Gary Lucchesi
Andy Picheta
Music by Andrew Lloyd Webber
Cinematography by Nicholas D. Knowland
Film Editing by David Gardener
Production Design by John Napier
Art Direction by Peter Bingermann
David Munns
First Assistant Director Malcolm Viles
Second Assistant Director Sarah Trickett
Third Assistant Director Ed Van Der Ven
Music Department
Orchestrator Andrew Lloyd Webber
David Cullen
Music Copier Mark Graham
Conductor/Musical Director Simon Lee
Vocal Contractor Annie Skates
Music Co-Producer Nigel Wright
Orchestral Manager Sylvia Addison
Rehearsal Pianist Trevor York
Art Department
Scenic Artist Niki Bayard
Stand-by Construction Roger Chopping
Eddie Kent
Property Marker Gareth Jones
Scenic Painter David Mollin
Carpenter Al Shirley
Art Dept. Coordinator Jake Trickett
Assistant Art Director Lisa Vandy
Stage Construction Alan Walker
Makeup Department
Makeup Designer Karen Dawson
Makeup Artists Joantha Dunn
Viv Gunzi
Jill Hornby
Cat Lawrence
Gillian Thomas
Robert Yeal
Wig Department
Wig Designer Jennifer Dean
Wig Assistant Maria Alush
Rachel Pring
Rita M. Smith
Costume and Wardrobe Department
Costume Supervisor Wendy Griffiths
Wardrobe Supervisor Lesley Lightfoot
Susannah Lowdell
Sian Wolchover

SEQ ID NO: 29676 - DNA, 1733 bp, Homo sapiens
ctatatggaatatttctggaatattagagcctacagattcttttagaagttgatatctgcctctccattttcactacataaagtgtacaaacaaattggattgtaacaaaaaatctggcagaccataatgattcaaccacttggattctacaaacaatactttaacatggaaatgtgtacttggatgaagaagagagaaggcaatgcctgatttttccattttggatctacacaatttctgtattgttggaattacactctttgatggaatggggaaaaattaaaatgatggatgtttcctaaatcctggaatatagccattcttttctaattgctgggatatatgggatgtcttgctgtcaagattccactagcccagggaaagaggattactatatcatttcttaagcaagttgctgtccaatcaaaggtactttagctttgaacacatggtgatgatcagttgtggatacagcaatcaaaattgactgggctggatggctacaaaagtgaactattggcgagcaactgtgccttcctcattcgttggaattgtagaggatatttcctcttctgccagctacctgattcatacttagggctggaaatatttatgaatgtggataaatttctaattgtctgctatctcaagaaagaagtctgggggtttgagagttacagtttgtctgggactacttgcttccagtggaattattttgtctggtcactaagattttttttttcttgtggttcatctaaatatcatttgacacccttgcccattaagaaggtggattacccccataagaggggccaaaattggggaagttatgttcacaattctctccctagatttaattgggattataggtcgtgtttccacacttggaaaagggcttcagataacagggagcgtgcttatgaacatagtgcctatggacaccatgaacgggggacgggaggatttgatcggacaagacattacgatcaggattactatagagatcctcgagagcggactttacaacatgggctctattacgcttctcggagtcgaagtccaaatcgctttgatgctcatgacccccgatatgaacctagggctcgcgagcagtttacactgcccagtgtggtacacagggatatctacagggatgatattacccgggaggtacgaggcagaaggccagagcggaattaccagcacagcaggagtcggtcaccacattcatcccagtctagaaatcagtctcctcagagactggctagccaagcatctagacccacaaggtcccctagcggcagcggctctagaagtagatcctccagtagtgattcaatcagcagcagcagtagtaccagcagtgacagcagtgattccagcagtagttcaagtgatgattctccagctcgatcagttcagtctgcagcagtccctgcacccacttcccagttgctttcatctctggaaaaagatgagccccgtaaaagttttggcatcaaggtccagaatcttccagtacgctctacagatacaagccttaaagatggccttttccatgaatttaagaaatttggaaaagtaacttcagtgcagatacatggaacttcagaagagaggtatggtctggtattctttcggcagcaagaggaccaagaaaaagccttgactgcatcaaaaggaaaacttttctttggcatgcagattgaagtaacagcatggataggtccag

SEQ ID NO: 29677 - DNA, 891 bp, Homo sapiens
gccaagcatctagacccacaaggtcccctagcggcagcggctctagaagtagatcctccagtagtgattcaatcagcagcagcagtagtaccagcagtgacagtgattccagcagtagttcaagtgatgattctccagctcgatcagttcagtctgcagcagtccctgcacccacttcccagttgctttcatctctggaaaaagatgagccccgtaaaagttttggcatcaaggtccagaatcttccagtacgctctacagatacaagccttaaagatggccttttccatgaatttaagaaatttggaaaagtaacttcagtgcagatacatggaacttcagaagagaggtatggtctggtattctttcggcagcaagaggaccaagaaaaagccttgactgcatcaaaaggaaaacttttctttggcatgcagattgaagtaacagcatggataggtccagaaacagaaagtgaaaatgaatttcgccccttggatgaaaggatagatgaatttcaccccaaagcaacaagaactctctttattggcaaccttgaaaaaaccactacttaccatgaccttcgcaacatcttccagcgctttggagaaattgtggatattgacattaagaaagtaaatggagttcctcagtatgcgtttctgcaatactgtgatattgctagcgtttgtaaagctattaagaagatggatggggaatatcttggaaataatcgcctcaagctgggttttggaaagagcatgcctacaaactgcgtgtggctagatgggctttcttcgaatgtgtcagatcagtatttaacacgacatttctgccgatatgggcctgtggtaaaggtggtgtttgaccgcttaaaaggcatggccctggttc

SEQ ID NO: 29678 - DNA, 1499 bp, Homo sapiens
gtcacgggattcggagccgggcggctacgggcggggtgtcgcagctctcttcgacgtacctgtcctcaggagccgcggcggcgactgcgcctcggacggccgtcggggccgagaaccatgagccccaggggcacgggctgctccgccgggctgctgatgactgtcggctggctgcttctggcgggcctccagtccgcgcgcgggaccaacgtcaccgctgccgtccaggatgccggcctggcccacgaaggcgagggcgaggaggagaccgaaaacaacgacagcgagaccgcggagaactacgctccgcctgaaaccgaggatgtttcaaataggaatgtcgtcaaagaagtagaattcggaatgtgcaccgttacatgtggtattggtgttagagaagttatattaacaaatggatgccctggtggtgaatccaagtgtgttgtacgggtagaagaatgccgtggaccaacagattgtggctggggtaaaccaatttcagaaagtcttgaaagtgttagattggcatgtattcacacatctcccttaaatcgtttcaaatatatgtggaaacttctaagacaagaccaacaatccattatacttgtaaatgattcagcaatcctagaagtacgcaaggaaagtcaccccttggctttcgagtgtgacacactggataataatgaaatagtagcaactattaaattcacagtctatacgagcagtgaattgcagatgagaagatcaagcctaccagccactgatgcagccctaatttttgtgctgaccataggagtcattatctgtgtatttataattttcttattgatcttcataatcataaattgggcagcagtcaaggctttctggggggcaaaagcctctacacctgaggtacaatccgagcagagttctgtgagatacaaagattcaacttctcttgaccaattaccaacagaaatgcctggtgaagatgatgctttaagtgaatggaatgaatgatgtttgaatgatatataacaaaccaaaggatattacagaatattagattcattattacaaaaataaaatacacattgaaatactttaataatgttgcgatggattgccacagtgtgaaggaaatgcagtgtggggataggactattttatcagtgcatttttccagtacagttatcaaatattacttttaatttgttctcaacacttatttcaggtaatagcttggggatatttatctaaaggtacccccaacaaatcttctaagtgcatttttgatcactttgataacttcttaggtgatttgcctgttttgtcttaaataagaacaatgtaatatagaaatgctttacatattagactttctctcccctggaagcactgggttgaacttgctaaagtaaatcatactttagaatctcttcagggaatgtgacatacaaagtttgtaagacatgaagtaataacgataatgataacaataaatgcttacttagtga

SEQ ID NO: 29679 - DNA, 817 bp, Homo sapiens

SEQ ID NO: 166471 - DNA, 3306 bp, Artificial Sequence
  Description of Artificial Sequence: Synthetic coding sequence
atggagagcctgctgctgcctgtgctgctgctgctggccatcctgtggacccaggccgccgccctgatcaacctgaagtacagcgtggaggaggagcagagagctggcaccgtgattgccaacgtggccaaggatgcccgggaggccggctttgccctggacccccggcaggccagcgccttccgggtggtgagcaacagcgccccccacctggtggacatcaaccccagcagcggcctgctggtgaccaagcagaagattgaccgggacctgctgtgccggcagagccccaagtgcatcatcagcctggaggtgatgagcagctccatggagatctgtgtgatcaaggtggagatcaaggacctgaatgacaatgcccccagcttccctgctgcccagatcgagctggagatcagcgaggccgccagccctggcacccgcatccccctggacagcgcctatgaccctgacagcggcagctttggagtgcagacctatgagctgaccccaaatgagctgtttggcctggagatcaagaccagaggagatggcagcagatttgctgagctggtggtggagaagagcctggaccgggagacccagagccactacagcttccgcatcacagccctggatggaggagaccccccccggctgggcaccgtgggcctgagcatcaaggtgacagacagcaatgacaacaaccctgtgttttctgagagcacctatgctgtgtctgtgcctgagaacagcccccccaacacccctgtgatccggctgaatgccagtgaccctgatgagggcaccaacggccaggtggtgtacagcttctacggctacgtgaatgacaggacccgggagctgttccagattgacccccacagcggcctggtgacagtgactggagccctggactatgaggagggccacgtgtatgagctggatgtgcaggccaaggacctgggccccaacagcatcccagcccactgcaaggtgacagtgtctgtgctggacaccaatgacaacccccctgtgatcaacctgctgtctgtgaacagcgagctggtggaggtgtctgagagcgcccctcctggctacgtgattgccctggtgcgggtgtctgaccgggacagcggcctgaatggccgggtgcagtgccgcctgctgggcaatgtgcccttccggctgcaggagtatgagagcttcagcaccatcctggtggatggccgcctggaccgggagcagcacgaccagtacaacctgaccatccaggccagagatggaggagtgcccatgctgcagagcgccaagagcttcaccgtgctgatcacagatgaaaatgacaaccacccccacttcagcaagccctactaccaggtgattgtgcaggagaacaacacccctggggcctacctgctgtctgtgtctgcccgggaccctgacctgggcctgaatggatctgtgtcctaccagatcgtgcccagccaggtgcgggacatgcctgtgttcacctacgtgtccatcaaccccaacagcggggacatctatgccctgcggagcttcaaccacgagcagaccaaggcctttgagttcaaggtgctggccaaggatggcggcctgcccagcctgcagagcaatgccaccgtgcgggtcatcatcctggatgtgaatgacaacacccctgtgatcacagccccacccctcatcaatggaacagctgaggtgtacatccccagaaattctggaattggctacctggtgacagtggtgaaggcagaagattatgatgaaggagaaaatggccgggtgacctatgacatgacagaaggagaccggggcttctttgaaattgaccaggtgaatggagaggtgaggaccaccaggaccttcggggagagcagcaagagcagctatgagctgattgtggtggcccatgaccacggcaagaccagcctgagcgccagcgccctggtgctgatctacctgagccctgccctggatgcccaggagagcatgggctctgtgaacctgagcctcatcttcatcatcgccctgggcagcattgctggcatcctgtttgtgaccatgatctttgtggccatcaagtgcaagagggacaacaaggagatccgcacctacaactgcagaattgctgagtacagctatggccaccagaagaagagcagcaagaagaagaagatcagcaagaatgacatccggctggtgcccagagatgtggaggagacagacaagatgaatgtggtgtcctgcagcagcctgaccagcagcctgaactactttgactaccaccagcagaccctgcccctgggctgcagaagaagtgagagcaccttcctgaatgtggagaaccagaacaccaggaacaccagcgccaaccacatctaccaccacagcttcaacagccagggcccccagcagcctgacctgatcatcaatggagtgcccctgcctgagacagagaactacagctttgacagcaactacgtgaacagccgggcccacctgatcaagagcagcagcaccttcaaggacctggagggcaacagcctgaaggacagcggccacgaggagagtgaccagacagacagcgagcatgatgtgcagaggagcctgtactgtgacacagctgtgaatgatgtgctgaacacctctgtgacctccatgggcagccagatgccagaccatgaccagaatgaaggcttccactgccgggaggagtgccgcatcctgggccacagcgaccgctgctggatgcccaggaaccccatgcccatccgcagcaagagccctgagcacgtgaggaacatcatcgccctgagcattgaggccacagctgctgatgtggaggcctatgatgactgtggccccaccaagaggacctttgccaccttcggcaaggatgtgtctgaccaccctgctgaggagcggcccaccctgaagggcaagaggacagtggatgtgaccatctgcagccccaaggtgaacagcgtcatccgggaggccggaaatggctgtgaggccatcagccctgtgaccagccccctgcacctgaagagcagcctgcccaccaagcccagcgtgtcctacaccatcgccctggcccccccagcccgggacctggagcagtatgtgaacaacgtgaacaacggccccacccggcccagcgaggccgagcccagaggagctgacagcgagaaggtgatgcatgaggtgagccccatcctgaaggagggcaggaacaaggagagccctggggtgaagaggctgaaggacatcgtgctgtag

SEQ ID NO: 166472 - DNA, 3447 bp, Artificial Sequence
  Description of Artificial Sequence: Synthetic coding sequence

Dresser Sarah Jane Hart
Emily Hillier
Jo Hillier
Tim Gradwell
Spencer Kitchen (For Elaine Page)
Original Stage Producer Cameron Mackintosh
Original Stage Director Trevor Nunn
Choreographer Gillian Lynne
Assistant Choreographer Christine Cartwright
Dance Captain Beth Robson
Masseuse Lynn Jorgensen
Assistant to the Director Judy Chesterman
Jane Darby
Production Coordinator Ananda Coulier
Suzie Halewood
Production Associate Rebecca Ferrand
Dennis Firminger
Stage Manager David Ffitch
Assistant Stage Manager Beanie Williams
Book Caller Peter Evelyn
Henry Operator Tony Lawrence
Victor Riva


  • Although the soundtrack for the film was never released, the songs "The Jellicle Ball" and "Gus: The Theatre Cat" were released in the 2001 album Andrew Lloyd Webber: Now & Forever.


  1. "More than a year ago" before 1st November 1998.
  2. "It was filmed at London’s Adelphi Theatre in August 1997."
  3. "Princess Diana had just died (31 August 1997), and we shut down production for a few days."
Community content is available under CC-BY-SA unless otherwise noted.